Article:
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Give Me that Old-Time Religion

  • Unity

Give me that old-time religion,
give me that old-time religion,
give me that old-time religion,
it’s good enough for me!

It was good enough for our fathers,
it was good enough for our fathers,
it was good enough for our fathers,
it’s good enough for me!

It was good enough for our mothers,
it was good enough for our mothers,
it was good enough for our mothers,
it’s good enough for me!

So you better circumcise your children,
circumcise your children,
circumcise your children,
because it was good enough for Moses, so it’s good enough for me!

Sometimes that “old-time religion” may be good enough for our fathers, our mothers, and for us, but there comes a time when it isn’t what our children or our children’s children need.

There is this myth in our lives, our politics, and our churches that there is this magical time “back there” somewhere where everything is perfect. If we could just get back there then we wouldn’t have any of the problems we have nowadays.

When we think back carefully, though, “back there” isn’t as good as we might think it is.

High school wasn’t as fun in the moment as it is when we’re reminiscing with friends.

The country might have been good for some people “back there,” but what about people like Ruby Bridges (now 67 years old) who was yelled at and threatened by grown adults when she was the first person to integrate into a school in the South. What does she think about “back there?”

Or we might think fondly of Friday night signings, church camps, and gospel meetings, but what about those times when we were forced to turn down invitations to our friend’s Easter egg hunt because their entire family was doomed to Hell for worshipping with a piano? Do we want that “old-time religion?”

So what do we do?

We must differentiate between what makes our “old-time religion” good and what elements of it might not be good enough for future generations, or we may just lose them.

To younger generations of Christians, just wanting to get back to that “old-time religion” seems like admitting defeat. It’s almost as if we’re saying that Christian perfection ends with us. That there is no tradition, no custom, no change that could possibly be good because we are the best that there is.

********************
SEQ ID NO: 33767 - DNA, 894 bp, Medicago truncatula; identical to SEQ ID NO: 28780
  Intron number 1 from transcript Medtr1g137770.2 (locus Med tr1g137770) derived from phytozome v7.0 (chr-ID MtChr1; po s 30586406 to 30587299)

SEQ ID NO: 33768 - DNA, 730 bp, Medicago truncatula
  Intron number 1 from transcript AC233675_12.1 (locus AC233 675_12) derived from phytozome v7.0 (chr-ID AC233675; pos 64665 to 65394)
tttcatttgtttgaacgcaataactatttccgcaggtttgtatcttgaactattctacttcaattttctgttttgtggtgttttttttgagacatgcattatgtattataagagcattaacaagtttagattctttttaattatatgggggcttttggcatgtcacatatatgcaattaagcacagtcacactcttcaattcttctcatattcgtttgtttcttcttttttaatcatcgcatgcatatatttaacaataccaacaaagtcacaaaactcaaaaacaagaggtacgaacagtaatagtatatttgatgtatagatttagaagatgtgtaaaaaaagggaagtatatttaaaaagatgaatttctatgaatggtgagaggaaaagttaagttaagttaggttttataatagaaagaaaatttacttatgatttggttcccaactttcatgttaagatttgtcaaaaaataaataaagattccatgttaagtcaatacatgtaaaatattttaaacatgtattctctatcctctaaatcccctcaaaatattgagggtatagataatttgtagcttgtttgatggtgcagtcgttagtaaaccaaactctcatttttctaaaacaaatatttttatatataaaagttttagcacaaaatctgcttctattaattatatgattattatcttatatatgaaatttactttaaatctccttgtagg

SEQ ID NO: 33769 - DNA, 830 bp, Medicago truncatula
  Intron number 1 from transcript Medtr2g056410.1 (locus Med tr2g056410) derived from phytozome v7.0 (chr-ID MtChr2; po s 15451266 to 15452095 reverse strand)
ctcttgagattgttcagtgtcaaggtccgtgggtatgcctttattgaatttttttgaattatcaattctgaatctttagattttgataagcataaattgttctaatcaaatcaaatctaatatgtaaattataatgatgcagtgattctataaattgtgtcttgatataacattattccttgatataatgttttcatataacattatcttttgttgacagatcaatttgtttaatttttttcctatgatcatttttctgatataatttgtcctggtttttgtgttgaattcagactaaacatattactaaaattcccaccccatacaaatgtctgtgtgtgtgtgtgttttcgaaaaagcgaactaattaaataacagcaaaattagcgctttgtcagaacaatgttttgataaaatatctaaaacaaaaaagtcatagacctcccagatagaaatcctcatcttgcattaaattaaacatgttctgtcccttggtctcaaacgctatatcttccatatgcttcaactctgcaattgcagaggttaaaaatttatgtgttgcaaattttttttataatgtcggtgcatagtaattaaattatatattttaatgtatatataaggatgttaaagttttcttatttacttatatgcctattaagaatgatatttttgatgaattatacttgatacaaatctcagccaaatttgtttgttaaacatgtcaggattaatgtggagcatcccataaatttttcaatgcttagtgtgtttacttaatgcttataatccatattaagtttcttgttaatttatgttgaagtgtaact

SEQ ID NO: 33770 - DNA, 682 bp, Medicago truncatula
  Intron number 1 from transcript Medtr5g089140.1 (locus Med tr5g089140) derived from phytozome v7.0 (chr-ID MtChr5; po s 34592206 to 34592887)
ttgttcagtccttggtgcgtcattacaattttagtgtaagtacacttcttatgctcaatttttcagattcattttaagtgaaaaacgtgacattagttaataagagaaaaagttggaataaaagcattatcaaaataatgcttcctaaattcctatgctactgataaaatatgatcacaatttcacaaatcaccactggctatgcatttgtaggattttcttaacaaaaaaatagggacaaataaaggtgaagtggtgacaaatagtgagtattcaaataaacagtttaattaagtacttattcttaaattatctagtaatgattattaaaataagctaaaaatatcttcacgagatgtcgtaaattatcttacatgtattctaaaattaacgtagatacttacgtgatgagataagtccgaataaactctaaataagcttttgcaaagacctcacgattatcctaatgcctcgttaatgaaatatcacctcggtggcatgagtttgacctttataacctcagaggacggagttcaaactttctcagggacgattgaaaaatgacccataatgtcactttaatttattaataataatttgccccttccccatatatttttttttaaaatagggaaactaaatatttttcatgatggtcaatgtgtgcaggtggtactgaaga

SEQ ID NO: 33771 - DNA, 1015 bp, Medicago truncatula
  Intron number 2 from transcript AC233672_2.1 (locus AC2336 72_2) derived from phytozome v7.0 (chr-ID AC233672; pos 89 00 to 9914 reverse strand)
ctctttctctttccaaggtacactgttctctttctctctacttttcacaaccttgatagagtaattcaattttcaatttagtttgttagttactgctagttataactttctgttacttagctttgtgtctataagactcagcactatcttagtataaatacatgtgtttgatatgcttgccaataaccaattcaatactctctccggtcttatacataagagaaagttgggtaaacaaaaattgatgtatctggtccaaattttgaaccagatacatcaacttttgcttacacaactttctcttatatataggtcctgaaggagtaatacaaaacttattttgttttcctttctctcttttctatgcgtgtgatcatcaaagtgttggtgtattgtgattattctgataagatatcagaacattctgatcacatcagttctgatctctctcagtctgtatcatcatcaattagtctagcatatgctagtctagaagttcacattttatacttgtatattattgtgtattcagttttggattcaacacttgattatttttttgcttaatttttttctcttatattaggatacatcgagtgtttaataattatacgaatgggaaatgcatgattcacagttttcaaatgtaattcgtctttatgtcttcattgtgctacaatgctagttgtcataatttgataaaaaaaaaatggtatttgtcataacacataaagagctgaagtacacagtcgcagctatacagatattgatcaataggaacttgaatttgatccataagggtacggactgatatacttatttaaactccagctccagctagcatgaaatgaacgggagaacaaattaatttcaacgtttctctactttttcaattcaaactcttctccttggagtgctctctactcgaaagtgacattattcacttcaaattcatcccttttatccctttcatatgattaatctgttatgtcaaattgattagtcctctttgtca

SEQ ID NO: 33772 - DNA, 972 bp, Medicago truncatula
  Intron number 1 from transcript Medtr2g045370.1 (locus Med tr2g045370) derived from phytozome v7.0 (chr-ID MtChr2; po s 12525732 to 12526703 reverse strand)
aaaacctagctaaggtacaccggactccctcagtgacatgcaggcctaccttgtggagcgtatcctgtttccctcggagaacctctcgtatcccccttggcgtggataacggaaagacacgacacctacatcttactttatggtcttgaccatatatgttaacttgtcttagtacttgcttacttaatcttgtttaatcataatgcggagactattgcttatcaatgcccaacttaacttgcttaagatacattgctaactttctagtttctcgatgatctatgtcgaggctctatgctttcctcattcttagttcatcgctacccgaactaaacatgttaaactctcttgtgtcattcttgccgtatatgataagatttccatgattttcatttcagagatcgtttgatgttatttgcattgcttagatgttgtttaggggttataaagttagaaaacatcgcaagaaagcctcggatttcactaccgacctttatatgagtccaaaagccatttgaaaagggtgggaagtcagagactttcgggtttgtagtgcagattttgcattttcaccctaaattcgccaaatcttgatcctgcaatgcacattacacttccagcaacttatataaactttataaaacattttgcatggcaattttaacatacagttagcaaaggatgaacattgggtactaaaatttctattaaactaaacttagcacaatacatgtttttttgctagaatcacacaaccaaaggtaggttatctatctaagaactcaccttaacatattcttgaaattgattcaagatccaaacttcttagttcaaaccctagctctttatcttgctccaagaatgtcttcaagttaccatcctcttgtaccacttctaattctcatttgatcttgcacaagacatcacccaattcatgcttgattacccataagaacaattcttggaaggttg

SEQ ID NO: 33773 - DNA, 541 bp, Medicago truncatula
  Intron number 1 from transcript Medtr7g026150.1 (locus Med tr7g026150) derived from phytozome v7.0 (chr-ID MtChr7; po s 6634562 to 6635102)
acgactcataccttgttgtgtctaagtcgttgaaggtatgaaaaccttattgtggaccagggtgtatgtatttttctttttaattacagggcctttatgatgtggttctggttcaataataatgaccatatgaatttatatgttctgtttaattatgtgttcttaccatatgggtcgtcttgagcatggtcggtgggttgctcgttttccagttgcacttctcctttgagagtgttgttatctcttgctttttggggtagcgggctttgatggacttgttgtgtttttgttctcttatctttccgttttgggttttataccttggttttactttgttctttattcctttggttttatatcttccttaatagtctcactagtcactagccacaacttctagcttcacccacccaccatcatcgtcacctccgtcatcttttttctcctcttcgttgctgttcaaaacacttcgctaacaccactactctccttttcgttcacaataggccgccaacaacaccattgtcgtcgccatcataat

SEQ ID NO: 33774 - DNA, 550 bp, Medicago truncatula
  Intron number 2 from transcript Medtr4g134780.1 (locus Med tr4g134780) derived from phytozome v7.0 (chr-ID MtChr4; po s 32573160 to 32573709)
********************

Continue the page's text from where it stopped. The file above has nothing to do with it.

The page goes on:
So, anyone who comes along and suggests change we view with suspicion, call a change-agent, and shame out of the church. If they don’t lose their faith, which happens often, they find somewhere they can belong, somewhere where they can use their God-given talents and gifts.

But when we learn that what makes any church good is Jesus, then we can’t help but be open for change unless we are willing to say that we are as good as He is. We have to go wherever He leads, and that means being open to being wrong, having difficult discussions, and even making radical positive change.

This means holding traditions loosely but holding Truth (Jesus) tightly.

Please! Give me that old-time religion! But if it comes between a younger brother or sister in Christ and Jesus or between them and myself, take it back and let me depend on Jesus alone. Have my traditions! Take my customs! Have my rituals! Just give me Jesus because it is in Him that we have unity. Just give me faith working through love.

2 thoughts on “Give Me that Old-Time Religion”

  1. Amen!!! Thanks for an insightful message. Unfortunately, much of our “old time religion” is loaded with inherited traditions handed down from one generation to the next generation. Regrettably, many of our forefathers failed to read the Bible with “audience relevance” in mind. We need to look at the Scriptures with “fresh eyes.” All of us, to some extinct, are children of our culture, which system was and is loaded with hand-me-down interpretations that govern the way we read the Bible.

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